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Andrew Billings receiving high praise ahead of training camp

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While it remains to be seen how Andrew Billings' immense strength translates into the NFL, there's little doubt that he's putting in the work to become the best he can possibly be.

Aaron Doster-USA TODAY Sports

Even though he's just a rookie, Andrew Billings already possess more power than many current NFL players.

Billings, who was taken with the 122nd pick in the fourth round of the 2016 NFL Draft, is a weightlifting legend in the state of Texas. As a senior at Waco High School, Billings broke Mark Henry's state powerlifting record with a 2,010-pound effort (500-pound bench, 705-pound deadlift, 805-pound squat).

Billings translated that showcase in the weight room to dominance on the football field. He racked up 5.5 sacks, 39 tackles and 14 tackles for loss this past year at Baylor, which earned him 2015 All-American and the co-Defensive Player of the Year in the Big 12.

After being projected as a first-round pick by many services in this year's draft, Billings endured a shocking fall to the Bengals in Round 4. It sounds like he's using that as added motivation this offseason, even making an effort to work with noted strength coach Clif Marshall at the Ignition Training Retreat in Florida, according to's Geoff Hobson.

"Usually, rookies don’t make that trip. He’s one of the first ones. He reached out to me," says Marshall, who used to work under current Bengals strength coach Chip Morton. "His lower body strength is the best I’ve ever seen here. His upper body is in the same category as Geno Atkins, Bobbie Williams, Tank Johnson."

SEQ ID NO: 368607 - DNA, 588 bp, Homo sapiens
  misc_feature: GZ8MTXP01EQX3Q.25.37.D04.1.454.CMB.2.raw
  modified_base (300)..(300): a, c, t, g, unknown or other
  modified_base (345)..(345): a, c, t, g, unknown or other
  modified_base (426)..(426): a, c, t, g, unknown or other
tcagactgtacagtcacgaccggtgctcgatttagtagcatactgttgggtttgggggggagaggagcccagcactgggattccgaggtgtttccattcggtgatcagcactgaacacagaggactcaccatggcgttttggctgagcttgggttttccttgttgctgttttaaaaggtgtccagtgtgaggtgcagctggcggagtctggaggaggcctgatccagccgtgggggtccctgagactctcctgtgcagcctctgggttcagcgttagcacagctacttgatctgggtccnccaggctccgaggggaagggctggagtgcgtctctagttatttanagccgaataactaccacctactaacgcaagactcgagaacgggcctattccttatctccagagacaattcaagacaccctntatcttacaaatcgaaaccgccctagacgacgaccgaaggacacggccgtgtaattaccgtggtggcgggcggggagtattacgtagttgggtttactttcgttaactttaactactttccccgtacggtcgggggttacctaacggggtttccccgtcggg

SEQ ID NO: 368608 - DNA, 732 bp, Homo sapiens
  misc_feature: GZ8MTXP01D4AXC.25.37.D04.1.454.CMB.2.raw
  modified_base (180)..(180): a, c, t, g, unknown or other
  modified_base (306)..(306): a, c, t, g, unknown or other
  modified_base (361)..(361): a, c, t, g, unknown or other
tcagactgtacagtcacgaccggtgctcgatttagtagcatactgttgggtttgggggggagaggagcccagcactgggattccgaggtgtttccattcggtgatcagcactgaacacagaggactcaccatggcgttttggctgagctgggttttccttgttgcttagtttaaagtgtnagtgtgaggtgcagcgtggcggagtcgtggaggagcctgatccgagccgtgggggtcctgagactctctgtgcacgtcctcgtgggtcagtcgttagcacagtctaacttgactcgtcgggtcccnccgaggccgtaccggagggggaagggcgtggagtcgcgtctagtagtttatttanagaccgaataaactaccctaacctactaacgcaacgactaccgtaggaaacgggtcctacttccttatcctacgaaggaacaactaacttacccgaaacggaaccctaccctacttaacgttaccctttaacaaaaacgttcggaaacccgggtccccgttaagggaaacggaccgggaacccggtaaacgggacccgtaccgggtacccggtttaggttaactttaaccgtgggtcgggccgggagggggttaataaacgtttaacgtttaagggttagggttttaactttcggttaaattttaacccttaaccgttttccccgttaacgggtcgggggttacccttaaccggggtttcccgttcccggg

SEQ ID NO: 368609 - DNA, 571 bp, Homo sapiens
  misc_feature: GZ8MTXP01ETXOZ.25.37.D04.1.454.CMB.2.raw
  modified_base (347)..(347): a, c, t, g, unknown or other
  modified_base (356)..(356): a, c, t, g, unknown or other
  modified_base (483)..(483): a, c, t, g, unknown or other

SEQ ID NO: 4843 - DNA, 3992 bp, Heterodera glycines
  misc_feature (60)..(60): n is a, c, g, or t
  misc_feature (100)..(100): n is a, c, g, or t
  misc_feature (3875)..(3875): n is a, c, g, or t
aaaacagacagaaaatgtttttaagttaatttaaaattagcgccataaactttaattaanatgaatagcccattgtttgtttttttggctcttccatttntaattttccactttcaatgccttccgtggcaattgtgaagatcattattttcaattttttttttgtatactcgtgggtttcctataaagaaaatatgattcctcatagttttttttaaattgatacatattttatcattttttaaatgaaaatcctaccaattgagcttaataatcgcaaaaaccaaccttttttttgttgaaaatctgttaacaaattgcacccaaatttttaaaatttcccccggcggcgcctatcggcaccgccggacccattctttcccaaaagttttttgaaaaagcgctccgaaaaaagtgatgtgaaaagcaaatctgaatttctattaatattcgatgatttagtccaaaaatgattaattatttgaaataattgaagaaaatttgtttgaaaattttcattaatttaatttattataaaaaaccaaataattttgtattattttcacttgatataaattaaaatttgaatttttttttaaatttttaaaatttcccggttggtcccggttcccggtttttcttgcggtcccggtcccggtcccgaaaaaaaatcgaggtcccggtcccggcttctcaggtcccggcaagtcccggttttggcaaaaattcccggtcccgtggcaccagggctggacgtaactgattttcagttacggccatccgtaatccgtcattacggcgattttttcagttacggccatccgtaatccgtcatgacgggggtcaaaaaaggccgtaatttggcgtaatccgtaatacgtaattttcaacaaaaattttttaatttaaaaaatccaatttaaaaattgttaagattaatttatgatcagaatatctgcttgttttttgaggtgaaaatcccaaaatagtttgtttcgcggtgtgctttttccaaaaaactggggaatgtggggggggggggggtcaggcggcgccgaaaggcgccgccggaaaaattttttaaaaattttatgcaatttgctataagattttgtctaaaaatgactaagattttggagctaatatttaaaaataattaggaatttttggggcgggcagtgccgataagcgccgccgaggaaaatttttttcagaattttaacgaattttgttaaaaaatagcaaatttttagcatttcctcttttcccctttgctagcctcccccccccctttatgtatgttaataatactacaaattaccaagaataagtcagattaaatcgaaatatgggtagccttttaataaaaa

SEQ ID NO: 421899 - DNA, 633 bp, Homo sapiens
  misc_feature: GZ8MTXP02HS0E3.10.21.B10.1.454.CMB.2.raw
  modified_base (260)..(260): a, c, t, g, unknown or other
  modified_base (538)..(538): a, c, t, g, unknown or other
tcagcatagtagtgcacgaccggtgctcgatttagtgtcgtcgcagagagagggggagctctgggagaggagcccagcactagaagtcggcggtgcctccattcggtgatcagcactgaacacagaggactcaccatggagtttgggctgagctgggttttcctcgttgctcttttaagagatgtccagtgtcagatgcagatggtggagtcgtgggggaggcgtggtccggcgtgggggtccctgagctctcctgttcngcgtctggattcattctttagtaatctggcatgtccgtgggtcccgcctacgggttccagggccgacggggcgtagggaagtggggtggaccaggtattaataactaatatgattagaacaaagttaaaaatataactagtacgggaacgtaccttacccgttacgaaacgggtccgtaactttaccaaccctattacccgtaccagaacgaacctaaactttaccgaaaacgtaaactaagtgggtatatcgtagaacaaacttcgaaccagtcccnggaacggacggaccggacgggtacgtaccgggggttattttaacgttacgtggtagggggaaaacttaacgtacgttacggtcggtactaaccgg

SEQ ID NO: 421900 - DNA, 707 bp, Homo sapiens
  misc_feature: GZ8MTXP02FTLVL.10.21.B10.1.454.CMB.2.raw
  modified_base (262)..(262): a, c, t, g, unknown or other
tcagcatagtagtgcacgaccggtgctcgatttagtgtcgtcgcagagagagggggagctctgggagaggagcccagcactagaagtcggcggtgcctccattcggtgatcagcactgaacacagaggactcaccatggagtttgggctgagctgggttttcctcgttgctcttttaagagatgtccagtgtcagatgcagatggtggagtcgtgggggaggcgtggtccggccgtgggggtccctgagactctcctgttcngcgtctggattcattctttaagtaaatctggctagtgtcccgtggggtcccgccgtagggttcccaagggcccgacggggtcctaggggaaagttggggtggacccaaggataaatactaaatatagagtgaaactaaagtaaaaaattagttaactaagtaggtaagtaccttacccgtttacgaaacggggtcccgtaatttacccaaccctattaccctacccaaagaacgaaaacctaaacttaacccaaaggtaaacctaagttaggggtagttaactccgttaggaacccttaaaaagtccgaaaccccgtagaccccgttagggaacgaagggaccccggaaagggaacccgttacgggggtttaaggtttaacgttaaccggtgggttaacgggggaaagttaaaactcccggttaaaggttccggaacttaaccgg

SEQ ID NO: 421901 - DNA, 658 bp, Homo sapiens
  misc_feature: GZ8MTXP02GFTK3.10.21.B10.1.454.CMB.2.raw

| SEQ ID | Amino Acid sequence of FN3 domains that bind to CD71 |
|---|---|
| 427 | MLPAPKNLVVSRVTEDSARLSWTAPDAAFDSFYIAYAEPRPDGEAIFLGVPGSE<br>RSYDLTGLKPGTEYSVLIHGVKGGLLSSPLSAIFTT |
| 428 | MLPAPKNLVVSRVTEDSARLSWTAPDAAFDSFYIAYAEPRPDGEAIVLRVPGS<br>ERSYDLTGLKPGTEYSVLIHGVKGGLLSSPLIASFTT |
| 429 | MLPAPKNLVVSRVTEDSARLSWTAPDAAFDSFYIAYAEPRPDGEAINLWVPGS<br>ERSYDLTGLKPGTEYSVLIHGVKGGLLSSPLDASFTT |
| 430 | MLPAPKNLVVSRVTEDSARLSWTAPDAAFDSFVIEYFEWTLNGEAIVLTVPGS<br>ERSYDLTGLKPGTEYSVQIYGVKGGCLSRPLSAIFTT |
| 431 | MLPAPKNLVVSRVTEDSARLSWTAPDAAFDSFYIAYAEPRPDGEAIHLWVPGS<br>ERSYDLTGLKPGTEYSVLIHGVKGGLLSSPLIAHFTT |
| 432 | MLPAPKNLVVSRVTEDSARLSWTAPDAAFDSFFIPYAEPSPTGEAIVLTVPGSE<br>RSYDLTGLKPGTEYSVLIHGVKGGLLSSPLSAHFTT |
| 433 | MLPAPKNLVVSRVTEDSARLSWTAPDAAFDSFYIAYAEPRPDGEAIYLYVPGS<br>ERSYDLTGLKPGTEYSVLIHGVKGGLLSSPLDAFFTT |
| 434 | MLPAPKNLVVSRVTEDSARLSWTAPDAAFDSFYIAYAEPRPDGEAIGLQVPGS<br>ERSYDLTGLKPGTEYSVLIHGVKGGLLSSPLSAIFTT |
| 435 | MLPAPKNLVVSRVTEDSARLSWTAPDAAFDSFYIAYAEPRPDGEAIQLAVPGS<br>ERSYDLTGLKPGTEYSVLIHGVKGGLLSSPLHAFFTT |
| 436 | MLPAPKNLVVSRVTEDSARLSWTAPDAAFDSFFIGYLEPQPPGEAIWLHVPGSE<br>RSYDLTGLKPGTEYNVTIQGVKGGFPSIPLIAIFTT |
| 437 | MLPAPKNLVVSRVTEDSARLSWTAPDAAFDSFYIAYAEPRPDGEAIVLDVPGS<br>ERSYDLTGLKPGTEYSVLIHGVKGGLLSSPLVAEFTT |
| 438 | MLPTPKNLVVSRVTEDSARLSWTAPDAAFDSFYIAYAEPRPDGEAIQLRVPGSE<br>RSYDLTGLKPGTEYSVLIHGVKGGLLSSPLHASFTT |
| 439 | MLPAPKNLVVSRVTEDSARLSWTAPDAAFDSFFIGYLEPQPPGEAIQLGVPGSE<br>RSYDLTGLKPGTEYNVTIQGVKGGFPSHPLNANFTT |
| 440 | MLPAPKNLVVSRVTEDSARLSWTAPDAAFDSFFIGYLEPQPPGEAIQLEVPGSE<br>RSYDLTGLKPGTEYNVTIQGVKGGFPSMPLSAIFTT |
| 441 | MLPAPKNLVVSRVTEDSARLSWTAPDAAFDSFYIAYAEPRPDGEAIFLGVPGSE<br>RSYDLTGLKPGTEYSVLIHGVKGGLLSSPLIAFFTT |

Billings stands at 6’1" and weighs in around 311 pounds, but he's surprisingly quick and agile for his size, thanks in large part to his work ethic and burning desire to be the best both in the weight room and on the football field.

"Some of the craziest workouts of my life were in high school," Billings says. "That was my first sport. That really got me into football."

During a recent workout, Marshall watched Billings toss around 600 pounds on the squat like a rag doll, so he's installed a lifting cap to limit how much Billings can do, which is precautionary and for his safety.

"That told me he could put on 100 more pounds, but we don’t want anybody getting hurt," Marshall says. "So I put a governor on him. I didn’t want him going over 600."

Billings has also been hitting the playbook hard to give himself the best chance at making an impact in his rookie year.

"Earlier I was studying the basics. First, start with the new playbook and learn that," Billings said. "Now I’m learning the whole scheme with the idea knowing what the whole defense does."

Going into training camp, Billings is facing a tall task of earning significant playing time his rookie season. With DeShawn Williams, Pat Sims, Marcus Hardison, Brandon Thompson, Geno Atkins and Domata Peko all returning, Billings is going to find it tough just being active on the gameday roster.

There isn't much concern that he'll make the final roster, and it's not crazy to think he'll be better than an aging Sims (30 going on 31 in November) and Peko (31 going on 32 in November). A great showing in camp and the preseason could lead to Billings taking on a big role in this defense as a rookie, but whatever happens, he has a bright future ahead of him.